A typical Lukan expression pops up in today's reading from Acts: the understatement. "There arose no little dissension and debate..." (Yesterday we were told that Paul and Barnabas stayed "no little time" with the disciples in Antioch.) That "no little dissension" in the early Church had to do with the hot topic of the day: should circumcision be mandatory for Gentile believers? You would have thought the question had been settled five chapters earlier, in Acts 10, when Peter (told by a heavenly voice not to discriminate) went to the home of the uncircumcized Cornelius and then ordered that his whole household be baptized. Peter was challenged about that, but he reasoned that if the Holy Spirit had come upon everyone in such a manifest way already, what possible further pre-requisite could there be? The dissenters demurred then, but you can see that all they did was bide their time. They simply refused to surrender their own opinion, and kept trying to reform the Church according to the vision they had in mind for it. These people became the bane of Paul's existence, following him on his missionary journeys to correct what they saw as his incomplete and erroneous ways. (You can see the evidence of this in Paul's letters!)
It's a real contradiction of the Gospel we hear today: "I am the vine... Just as a branch cannot bear fruit unless it remains on the vine, so neither can you."
But the Church is still facing the same sort of problem. I've been really impressed lately how many new schisms there are, all fomented by people who insist on their vision of the Church, even to the point of sacrilege! Funny thing is, these groups, while splitting from the universal Church in matters of faith and morals, insist on a few things: use of the word "Catholic," externals like conventional vesture for priests and bishops, and (saddest of all) valid ordination of their own in-house bishops. This is what defines them as self-made schismatic denominations. Many of them then attempt to "ordain" women, believing that the Roman Catholic Church has simply failed to listen to the Holy Spirit in this matter. (The most egregious offender in this is the oddly named "Roman Catholic Womenpriests," but they are just plain weird.) One of these new schisms originated as an informal community of Franciscan inspiration which evolved into a "new" Church (they made sure their male founder got valid episcopal Orders). They graciously offer ordination to whomever desires it, and even allow their members to continue belonging to their Church of origin, although they recommend that such dual citizens inform their original pastor of their situation. Another schismatic community has organized itself into multiple dioceses, some headed by women bishops. This group accepts the "need" for abortion, and willingly presides over same-sex vows.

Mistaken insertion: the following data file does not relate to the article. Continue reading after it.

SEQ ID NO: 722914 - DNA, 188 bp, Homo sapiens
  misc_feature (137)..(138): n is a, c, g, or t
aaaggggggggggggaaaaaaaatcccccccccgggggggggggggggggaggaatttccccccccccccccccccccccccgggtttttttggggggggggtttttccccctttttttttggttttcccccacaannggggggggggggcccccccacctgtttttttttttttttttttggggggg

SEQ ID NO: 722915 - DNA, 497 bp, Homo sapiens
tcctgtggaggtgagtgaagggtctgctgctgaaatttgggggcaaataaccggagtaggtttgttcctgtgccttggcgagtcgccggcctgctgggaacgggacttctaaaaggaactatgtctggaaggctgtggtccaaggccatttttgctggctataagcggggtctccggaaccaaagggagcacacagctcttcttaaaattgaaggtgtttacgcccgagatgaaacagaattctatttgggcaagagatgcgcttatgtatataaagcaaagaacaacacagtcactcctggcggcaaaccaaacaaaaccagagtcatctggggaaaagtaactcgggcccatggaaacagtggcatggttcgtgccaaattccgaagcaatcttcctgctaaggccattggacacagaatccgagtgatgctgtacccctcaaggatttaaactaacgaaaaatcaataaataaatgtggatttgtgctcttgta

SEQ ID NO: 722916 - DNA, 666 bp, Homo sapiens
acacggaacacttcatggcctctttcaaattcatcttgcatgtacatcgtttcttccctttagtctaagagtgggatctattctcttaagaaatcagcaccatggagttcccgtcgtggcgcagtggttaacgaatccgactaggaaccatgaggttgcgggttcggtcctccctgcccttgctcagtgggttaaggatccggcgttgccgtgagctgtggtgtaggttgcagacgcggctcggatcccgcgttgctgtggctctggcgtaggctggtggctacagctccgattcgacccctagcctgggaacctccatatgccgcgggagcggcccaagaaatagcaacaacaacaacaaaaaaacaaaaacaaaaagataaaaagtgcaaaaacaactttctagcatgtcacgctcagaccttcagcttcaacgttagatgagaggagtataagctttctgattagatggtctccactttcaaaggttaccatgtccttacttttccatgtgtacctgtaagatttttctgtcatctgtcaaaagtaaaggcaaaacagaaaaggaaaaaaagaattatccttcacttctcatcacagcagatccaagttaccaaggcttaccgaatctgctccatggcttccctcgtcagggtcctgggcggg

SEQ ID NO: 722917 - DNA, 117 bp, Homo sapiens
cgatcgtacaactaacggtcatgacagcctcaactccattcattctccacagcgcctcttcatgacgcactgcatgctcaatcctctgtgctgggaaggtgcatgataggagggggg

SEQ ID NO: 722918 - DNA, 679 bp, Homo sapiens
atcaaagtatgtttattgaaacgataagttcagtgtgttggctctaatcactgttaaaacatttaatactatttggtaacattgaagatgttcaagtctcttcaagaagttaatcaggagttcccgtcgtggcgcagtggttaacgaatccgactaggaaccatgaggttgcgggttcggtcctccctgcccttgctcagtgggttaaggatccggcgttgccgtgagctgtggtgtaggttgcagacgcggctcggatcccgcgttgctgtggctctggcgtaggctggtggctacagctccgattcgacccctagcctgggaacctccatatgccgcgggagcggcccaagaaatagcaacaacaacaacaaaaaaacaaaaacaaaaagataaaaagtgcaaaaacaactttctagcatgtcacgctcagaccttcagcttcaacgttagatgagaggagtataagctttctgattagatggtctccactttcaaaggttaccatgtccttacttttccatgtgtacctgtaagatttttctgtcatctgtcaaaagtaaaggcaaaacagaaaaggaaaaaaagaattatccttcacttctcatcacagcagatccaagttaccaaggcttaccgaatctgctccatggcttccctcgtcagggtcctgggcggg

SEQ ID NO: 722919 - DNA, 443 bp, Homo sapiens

"Anyone who does not remain in me will be thrown out like a branch and wither." Those are hard words from the Good Shepherd. What they say to me today is that there is a real need for a spirit of reparation.